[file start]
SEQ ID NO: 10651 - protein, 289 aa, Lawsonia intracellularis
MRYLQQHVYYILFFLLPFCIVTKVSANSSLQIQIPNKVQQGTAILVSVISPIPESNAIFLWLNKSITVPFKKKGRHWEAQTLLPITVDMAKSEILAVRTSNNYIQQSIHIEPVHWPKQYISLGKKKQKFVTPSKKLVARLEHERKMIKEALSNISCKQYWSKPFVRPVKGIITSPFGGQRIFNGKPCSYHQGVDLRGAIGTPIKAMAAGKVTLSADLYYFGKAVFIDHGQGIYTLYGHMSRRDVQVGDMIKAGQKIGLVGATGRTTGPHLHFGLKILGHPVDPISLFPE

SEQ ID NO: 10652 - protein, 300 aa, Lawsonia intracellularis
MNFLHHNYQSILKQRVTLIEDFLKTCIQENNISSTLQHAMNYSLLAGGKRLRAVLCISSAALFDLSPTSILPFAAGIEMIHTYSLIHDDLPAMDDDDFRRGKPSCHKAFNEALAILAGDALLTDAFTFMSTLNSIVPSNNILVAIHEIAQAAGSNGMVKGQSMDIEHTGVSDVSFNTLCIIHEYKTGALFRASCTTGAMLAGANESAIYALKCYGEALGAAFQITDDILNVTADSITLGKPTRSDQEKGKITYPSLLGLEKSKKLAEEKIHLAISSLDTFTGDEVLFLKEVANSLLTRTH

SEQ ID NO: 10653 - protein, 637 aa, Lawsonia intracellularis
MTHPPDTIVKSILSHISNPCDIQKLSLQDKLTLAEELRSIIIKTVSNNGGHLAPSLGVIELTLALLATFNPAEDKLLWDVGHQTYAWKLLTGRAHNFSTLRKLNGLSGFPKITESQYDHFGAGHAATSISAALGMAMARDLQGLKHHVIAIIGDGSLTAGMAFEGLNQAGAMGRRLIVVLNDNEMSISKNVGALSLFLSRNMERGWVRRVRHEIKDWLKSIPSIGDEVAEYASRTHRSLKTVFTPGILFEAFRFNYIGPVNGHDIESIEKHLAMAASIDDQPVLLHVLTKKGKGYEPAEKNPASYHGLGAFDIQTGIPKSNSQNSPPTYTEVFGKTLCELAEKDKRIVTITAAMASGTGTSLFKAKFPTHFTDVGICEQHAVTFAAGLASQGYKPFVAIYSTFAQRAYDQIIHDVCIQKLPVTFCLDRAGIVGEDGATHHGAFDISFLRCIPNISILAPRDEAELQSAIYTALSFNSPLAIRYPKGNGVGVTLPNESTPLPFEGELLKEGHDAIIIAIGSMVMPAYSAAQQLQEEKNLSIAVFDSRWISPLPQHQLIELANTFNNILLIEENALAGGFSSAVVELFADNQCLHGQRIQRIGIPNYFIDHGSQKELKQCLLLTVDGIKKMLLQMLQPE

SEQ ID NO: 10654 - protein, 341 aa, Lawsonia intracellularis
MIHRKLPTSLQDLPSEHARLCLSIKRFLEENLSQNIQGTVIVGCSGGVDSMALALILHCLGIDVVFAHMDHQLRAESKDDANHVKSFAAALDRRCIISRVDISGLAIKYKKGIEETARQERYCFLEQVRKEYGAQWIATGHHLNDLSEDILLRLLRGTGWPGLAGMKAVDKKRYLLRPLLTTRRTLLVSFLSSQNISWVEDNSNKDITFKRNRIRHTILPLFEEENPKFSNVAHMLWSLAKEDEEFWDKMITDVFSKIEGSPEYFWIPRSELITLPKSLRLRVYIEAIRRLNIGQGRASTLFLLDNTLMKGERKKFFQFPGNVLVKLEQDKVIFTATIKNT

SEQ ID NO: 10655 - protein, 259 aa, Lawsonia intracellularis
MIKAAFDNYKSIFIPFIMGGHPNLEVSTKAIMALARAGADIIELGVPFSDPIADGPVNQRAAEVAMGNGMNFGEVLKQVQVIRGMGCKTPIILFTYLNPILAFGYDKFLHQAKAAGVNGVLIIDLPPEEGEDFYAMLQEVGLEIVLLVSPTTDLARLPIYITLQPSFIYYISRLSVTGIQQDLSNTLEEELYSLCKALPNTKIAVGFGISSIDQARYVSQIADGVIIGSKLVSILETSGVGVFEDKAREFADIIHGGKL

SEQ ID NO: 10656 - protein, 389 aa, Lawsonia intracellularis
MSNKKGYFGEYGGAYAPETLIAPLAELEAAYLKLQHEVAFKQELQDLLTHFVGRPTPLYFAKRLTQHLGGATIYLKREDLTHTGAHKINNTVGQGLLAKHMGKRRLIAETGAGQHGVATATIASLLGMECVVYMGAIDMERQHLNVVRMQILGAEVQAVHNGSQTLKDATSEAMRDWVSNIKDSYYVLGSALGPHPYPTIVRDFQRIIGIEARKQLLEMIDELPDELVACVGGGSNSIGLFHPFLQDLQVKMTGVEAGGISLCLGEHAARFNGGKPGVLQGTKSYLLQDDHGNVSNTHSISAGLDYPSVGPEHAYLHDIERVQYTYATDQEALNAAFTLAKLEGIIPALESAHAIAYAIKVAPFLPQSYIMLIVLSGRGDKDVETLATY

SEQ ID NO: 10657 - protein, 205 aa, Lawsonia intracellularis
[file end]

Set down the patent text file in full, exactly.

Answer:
SEQ ID NO: 10651 - protein, 289 aa, Lawsonia intracellularis
MRYLQQHVYYILFFLLPFCIVTKVSANSSLQIQIPNKVQQGTAILVSVISPIPESNAIFLWLNKSITVPFKKKGRHWEAQTLLPITVDMAKSEILAVRTSNNYIQQSIHIEPVHWPKQYISLGKKKQKFVTPSKKLVARLEHERKMIKEALSNISCKQYWSKPFVRPVKGIITSPFGGQRIFNGKPCSYHQGVDLRGAIGTPIKAMAAGKVTLSADLYYFGKAVFIDHGQGIYTLYGHMSRRDVQVGDMIKAGQKIGLVGATGRTTGPHLHFGLKILGHPVDPISLFPE

SEQ ID NO: 10652 - protein, 300 aa, Lawsonia intracellularis
MNFLHHNYQSILKQRVTLIEDFLKTCIQENNISSTLQHAMNYSLLAGGKRLRAVLCISSAALFDLSPTSILPFAAGIEMIHTYSLIHDDLPAMDDDDFRRGKPSCHKAFNEALAILAGDALLTDAFTFMSTLNSIVPSNNILVAIHEIAQAAGSNGMVKGQSMDIEHTGVSDVSFNTLCIIHEYKTGALFRASCTTGAMLAGANESAIYALKCYGEALGAAFQITDDILNVTADSITLGKPTRSDQEKGKITYPSLLGLEKSKKLAEEKIHLAISSLDTFTGDEVLFLKEVANSLLTRTH

SEQ ID NO: 10653 - protein, 637 aa, Lawsonia intracellularis
MTHPPDTIVKSILSHISNPCDIQKLSLQDKLTLAEELRSIIIKTVSNNGGHLAPSLGVIELTLALLATFNPAEDKLLWDVGHQTYAWKLLTGRAHNFSTLRKLNGLSGFPKITESQYDHFGAGHAATSISAALGMAMARDLQGLKHHVIAIIGDGSLTAGMAFEGLNQAGAMGRRLIVVLNDNEMSISKNVGALSLFLSRNMERGWVRRVRHEIKDWLKSIPSIGDEVAEYASRTHRSLKTVFTPGILFEAFRFNYIGPVNGHDIESIEKHLAMAASIDDQPVLLHVLTKKGKGYEPAEKNPASYHGLGAFDIQTGIPKSNSQNSPPTYTEVFGKTLCELAEKDKRIVTITAAMASGTGTSLFKAKFPTHFTDVGICEQHAVTFAAGLASQGYKPFVAIYSTFAQRAYDQIIHDVCIQKLPVTFCLDRAGIVGEDGATHHGAFDISFLRCIPNISILAPRDEAELQSAIYTALSFNSPLAIRYPKGNGVGVTLPNESTPLPFEGELLKEGHDAIIIAIGSMVMPAYSAAQQLQEEKNLSIAVFDSRWISPLPQHQLIELANTFNNILLIEENALAGGFSSAVVELFADNQCLHGQRIQRIGIPNYFIDHGSQKELKQCLLLTVDGIKKMLLQMLQPE

SEQ ID NO: 10654 - protein, 341 aa, Lawsonia intracellularis
MIHRKLPTSLQDLPSEHARLCLSIKRFLEENLSQNIQGTVIVGCSGGVDSMALALILHCLGIDVVFAHMDHQLRAESKDDANHVKSFAAALDRRCIISRVDISGLAIKYKKGIEETARQERYCFLEQVRKEYGAQWIATGHHLNDLSEDILLRLLRGTGWPGLAGMKAVDKKRYLLRPLLTTRRTLLVSFLSSQNISWVEDNSNKDITFKRNRIRHTILPLFEEENPKFSNVAHMLWSLAKEDEEFWDKMITDVFSKIEGSPEYFWIPRSELITLPKSLRLRVYIEAIRRLNIGQGRASTLFLLDNTLMKGERKKFFQFPGNVLVKLEQDKVIFTATIKNT

SEQ ID NO: 10655 - protein, 259 aa, Lawsonia intracellularis
MIKAAFDNYKSIFIPFIMGGHPNLEVSTKAIMALARAGADIIELGVPFSDPIADGPVNQRAAEVAMGNGMNFGEVLKQVQVIRGMGCKTPIILFTYLNPILAFGYDKFLHQAKAAGVNGVLIIDLPPEEGEDFYAMLQEVGLEIVLLVSPTTDLARLPIYITLQPSFIYYISRLSVTGIQQDLSNTLEEELYSLCKALPNTKIAVGFGISSIDQARYVSQIADGVIIGSKLVSILETSGVGVFEDKAREFADIIHGGKL

SEQ ID NO: 10656 - protein, 389 aa, Lawsonia intracellularis
MSNKKGYFGEYGGAYAPETLIAPLAELEAAYLKLQHEVAFKQELQDLLTHFVGRPTPLYFAKRLTQHLGGATIYLKREDLTHTGAHKINNTVGQGLLAKHMGKRRLIAETGAGQHGVATATIASLLGMECVVYMGAIDMERQHLNVVRMQILGAEVQAVHNGSQTLKDATSEAMRDWVSNIKDSYYVLGSALGPHPYPTIVRDFQRIIGIEARKQLLEMIDELPDELVACVGGGSNSIGLFHPFLQDLQVKMTGVEAGGISLCLGEHAARFNGGKPGVLQGTKSYLLQDDHGNVSNTHSISAGLDYPSVGPEHAYLHDIERVQYTYATDQEALNAAFTLAKLEGIIPALESAHAIAYAIKVAPFLPQSYIMLIVLSGRGDKDVETLATY

SEQ ID NO: 10657 - protein, 205 aa, Lawsonia intracellularis